• When I got my iPhone 3G, I decided that the white model looked nicer than the black. That may have been a mistake. I’ve noticed a number of hairline cracks, at the corners of the connector cut-out, next to the mute switch, and along the sides. Apparently this is a known problem. It’s not clear whether all of the iPhones crack, or if it’s just that the cracks are only visible with the white plastic. I wonder if Apple will replace it.
  • During the short break between returning from China and departing to the UK, I managed to finish ripping all of my CDs into iTunes on my Mac Mini. (Many of them had been in storage, and I’d only just retrieved them.) The grand total: 14,522 items from 1,228 albums, performed by 2,082 artists. They occupy 78.46GB of a little WD USB hard disk (and yes, I back it up!) and to play every track would take 52 days. I know it’s not an extraordinarily large collection, but ’tis all mine. And I must confess that I find the idea of 52 days of music just a little bit disconcerting.

Email the White House about the latest ridiculous "security theater"

I just sent the following email to the White House via their contact page.

Last year I flew nearly 100,000 miles on business: business that generated much needed US economic activity. And I flew almost all of those miles on US airlines, which desperately need the business. Travel is stressful enough these days, without the US government indulging in “security theater” to mollify people who bleat that Something Must Be Done.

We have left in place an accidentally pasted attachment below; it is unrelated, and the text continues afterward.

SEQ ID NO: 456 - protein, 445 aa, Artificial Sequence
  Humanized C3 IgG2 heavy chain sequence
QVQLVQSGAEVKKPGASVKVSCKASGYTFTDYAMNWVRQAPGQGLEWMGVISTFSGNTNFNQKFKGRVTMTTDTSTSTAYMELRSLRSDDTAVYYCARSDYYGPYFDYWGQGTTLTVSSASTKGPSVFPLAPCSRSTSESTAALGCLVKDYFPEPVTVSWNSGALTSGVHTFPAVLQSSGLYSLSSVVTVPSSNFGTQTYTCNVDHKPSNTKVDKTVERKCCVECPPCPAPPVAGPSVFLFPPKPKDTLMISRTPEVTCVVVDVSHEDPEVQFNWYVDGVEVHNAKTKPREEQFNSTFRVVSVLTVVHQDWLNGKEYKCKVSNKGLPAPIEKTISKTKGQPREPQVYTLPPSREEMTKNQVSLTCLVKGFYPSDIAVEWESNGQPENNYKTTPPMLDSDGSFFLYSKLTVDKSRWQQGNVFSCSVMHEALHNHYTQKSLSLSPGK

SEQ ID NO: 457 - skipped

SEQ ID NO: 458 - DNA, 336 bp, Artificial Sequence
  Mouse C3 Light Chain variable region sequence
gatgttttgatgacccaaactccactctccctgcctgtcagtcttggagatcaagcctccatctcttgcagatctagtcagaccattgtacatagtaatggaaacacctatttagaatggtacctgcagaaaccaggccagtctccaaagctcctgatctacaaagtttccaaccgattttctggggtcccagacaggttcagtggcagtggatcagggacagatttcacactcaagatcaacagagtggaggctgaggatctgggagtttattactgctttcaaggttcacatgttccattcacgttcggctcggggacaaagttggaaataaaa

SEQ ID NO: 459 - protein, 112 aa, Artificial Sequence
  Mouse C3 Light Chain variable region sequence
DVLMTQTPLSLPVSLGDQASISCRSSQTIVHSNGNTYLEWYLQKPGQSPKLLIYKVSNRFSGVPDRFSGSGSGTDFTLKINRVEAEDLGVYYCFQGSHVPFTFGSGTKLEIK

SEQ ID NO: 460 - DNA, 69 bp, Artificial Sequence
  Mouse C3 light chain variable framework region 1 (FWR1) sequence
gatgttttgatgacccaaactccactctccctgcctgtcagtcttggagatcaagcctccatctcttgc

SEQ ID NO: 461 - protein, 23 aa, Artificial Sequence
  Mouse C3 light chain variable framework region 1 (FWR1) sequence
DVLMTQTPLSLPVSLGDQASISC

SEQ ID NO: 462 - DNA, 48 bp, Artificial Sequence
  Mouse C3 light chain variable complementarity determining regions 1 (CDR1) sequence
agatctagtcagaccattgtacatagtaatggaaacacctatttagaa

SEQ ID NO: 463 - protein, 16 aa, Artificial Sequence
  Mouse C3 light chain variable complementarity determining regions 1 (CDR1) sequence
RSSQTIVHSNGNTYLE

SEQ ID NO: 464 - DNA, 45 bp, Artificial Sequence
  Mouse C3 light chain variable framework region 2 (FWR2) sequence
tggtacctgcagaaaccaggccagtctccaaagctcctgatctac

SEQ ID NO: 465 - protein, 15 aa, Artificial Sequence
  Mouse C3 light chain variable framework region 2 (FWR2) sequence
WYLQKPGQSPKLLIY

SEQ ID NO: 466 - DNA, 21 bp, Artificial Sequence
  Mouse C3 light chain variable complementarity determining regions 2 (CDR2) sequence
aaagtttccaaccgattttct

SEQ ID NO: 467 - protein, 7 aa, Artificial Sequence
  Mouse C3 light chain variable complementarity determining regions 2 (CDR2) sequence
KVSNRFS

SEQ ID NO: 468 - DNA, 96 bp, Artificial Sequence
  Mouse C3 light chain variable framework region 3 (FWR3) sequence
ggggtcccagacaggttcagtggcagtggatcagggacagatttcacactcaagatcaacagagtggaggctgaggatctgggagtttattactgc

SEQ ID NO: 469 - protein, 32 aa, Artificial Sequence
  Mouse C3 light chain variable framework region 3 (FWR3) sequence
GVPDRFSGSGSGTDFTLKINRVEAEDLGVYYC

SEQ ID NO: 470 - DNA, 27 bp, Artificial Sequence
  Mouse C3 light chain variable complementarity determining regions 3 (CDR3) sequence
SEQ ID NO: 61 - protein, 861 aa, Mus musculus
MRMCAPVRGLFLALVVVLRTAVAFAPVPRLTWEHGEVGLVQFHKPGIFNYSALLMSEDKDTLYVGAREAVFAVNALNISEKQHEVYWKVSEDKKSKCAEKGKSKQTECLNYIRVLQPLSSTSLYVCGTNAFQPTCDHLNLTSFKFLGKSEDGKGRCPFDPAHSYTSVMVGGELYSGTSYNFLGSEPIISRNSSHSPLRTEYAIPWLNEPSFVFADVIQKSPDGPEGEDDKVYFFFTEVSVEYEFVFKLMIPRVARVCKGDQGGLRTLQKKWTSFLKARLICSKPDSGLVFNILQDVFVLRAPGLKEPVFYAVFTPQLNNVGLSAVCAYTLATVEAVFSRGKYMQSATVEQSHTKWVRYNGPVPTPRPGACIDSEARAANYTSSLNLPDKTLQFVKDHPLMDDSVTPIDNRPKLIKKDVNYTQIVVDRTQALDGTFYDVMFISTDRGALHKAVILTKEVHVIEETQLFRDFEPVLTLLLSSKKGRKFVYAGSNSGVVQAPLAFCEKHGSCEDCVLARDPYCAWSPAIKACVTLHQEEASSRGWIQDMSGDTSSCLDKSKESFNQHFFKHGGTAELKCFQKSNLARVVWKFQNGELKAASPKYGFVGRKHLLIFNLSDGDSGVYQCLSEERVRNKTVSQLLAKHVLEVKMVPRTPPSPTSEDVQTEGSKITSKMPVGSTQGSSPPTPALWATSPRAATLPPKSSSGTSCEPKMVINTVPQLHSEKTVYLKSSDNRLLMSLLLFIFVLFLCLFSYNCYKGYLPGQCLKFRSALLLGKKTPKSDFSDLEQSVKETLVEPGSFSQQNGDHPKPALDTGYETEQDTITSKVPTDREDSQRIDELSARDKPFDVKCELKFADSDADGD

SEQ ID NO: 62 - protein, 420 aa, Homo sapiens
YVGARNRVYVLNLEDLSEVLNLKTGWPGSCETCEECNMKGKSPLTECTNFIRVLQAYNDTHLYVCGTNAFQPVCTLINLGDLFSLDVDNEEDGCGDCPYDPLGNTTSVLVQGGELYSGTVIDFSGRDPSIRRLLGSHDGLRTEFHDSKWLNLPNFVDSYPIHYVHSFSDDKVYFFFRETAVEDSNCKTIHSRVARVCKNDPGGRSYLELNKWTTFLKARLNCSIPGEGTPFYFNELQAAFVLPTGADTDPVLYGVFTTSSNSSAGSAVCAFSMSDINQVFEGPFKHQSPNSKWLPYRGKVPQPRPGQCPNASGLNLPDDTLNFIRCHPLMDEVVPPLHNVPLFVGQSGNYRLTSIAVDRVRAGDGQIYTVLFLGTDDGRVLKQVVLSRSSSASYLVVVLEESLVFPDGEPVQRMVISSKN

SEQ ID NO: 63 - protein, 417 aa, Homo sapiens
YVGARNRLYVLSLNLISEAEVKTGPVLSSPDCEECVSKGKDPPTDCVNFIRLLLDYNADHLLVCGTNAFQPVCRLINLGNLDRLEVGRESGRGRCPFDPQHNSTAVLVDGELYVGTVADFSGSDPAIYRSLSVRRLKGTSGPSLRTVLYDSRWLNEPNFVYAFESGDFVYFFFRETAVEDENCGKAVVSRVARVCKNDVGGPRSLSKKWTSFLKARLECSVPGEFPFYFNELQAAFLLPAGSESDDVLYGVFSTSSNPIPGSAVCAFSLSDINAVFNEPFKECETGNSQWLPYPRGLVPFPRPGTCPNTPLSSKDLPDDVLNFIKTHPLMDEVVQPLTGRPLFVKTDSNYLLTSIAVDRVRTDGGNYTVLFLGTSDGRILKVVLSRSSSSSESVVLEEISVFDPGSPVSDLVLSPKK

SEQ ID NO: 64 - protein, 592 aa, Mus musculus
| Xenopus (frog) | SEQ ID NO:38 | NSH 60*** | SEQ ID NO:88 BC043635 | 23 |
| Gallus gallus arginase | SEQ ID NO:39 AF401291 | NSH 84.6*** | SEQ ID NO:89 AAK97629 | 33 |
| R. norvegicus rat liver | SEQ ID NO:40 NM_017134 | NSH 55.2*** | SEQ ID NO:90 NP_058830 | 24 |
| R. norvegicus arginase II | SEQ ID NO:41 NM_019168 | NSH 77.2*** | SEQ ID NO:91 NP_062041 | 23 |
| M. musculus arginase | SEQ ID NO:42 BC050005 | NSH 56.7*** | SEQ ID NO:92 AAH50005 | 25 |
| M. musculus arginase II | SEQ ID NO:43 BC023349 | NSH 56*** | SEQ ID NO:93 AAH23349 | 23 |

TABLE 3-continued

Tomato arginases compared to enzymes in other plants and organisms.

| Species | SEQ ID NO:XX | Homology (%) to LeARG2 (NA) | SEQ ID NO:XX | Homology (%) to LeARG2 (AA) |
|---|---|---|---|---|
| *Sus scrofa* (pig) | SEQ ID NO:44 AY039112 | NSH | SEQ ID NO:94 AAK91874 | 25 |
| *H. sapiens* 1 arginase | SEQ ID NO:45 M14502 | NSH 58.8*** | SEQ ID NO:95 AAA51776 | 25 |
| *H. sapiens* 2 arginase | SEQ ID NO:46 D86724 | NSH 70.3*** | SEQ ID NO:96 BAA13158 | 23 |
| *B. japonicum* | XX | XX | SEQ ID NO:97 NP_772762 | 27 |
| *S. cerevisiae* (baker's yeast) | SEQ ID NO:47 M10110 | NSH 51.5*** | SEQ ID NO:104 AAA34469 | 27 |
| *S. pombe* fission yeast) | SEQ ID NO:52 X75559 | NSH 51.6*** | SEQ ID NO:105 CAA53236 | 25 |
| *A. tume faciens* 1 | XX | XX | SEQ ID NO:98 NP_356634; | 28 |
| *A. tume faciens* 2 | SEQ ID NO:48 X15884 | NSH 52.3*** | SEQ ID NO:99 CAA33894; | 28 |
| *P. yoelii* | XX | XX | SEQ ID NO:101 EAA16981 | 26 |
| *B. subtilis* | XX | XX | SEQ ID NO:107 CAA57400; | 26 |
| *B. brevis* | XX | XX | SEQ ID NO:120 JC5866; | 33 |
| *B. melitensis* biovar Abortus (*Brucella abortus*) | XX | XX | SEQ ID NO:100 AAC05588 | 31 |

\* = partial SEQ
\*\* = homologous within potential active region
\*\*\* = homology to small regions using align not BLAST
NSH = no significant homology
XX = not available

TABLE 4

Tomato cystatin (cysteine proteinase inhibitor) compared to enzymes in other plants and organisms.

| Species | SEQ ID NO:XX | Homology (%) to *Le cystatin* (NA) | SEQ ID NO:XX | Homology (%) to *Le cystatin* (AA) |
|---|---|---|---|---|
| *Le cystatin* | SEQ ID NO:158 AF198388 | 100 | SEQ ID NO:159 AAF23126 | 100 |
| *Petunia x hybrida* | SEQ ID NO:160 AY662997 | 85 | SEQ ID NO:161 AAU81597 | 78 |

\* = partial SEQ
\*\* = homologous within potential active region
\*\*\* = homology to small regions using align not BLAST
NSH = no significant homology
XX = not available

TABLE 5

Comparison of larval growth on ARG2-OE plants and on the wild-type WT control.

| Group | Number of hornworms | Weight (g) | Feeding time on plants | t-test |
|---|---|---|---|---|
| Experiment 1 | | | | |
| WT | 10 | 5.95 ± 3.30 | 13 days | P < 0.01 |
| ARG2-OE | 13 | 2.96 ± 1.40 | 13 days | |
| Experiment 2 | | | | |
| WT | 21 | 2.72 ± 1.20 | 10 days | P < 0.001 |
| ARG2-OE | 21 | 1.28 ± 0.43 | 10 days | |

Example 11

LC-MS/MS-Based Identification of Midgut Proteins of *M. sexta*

The latest TSA regulations will do nothing to make us more secure, but will be extremely burdensome to many passengers and airline staff. They will drive away passengers, especially the elderly and parents with children, at a time when airlines are struggling to avoid layoffs and bankruptcy.
The last Republican administration used fear as a way of manipulating public opinion and pandering to the neo-cons. I had thought that the Obama administration was above such cynical tricks.
Get rid of these stupid knee-jerk regulations, please. Instead of increasing security, they simply punish law-abinding travelers.

I have no idea if this will do any good, but maybe if enough people make their voices heard…..


Misfortune for some, great for us

Due to (I think) equipment failure Because of snow in Washington DC, last night’s IAD-LHR flight was cancelled, which meant that United was forced to cancel an LHR-LAX flight. They tried to accomodate as many of the LAX passengers as possible on the LHR-SFO flight, which meant that when Kate and I went to board our flight home, we were upgraded to Business class. This made the nearly-11-hour trip much more enjoyable….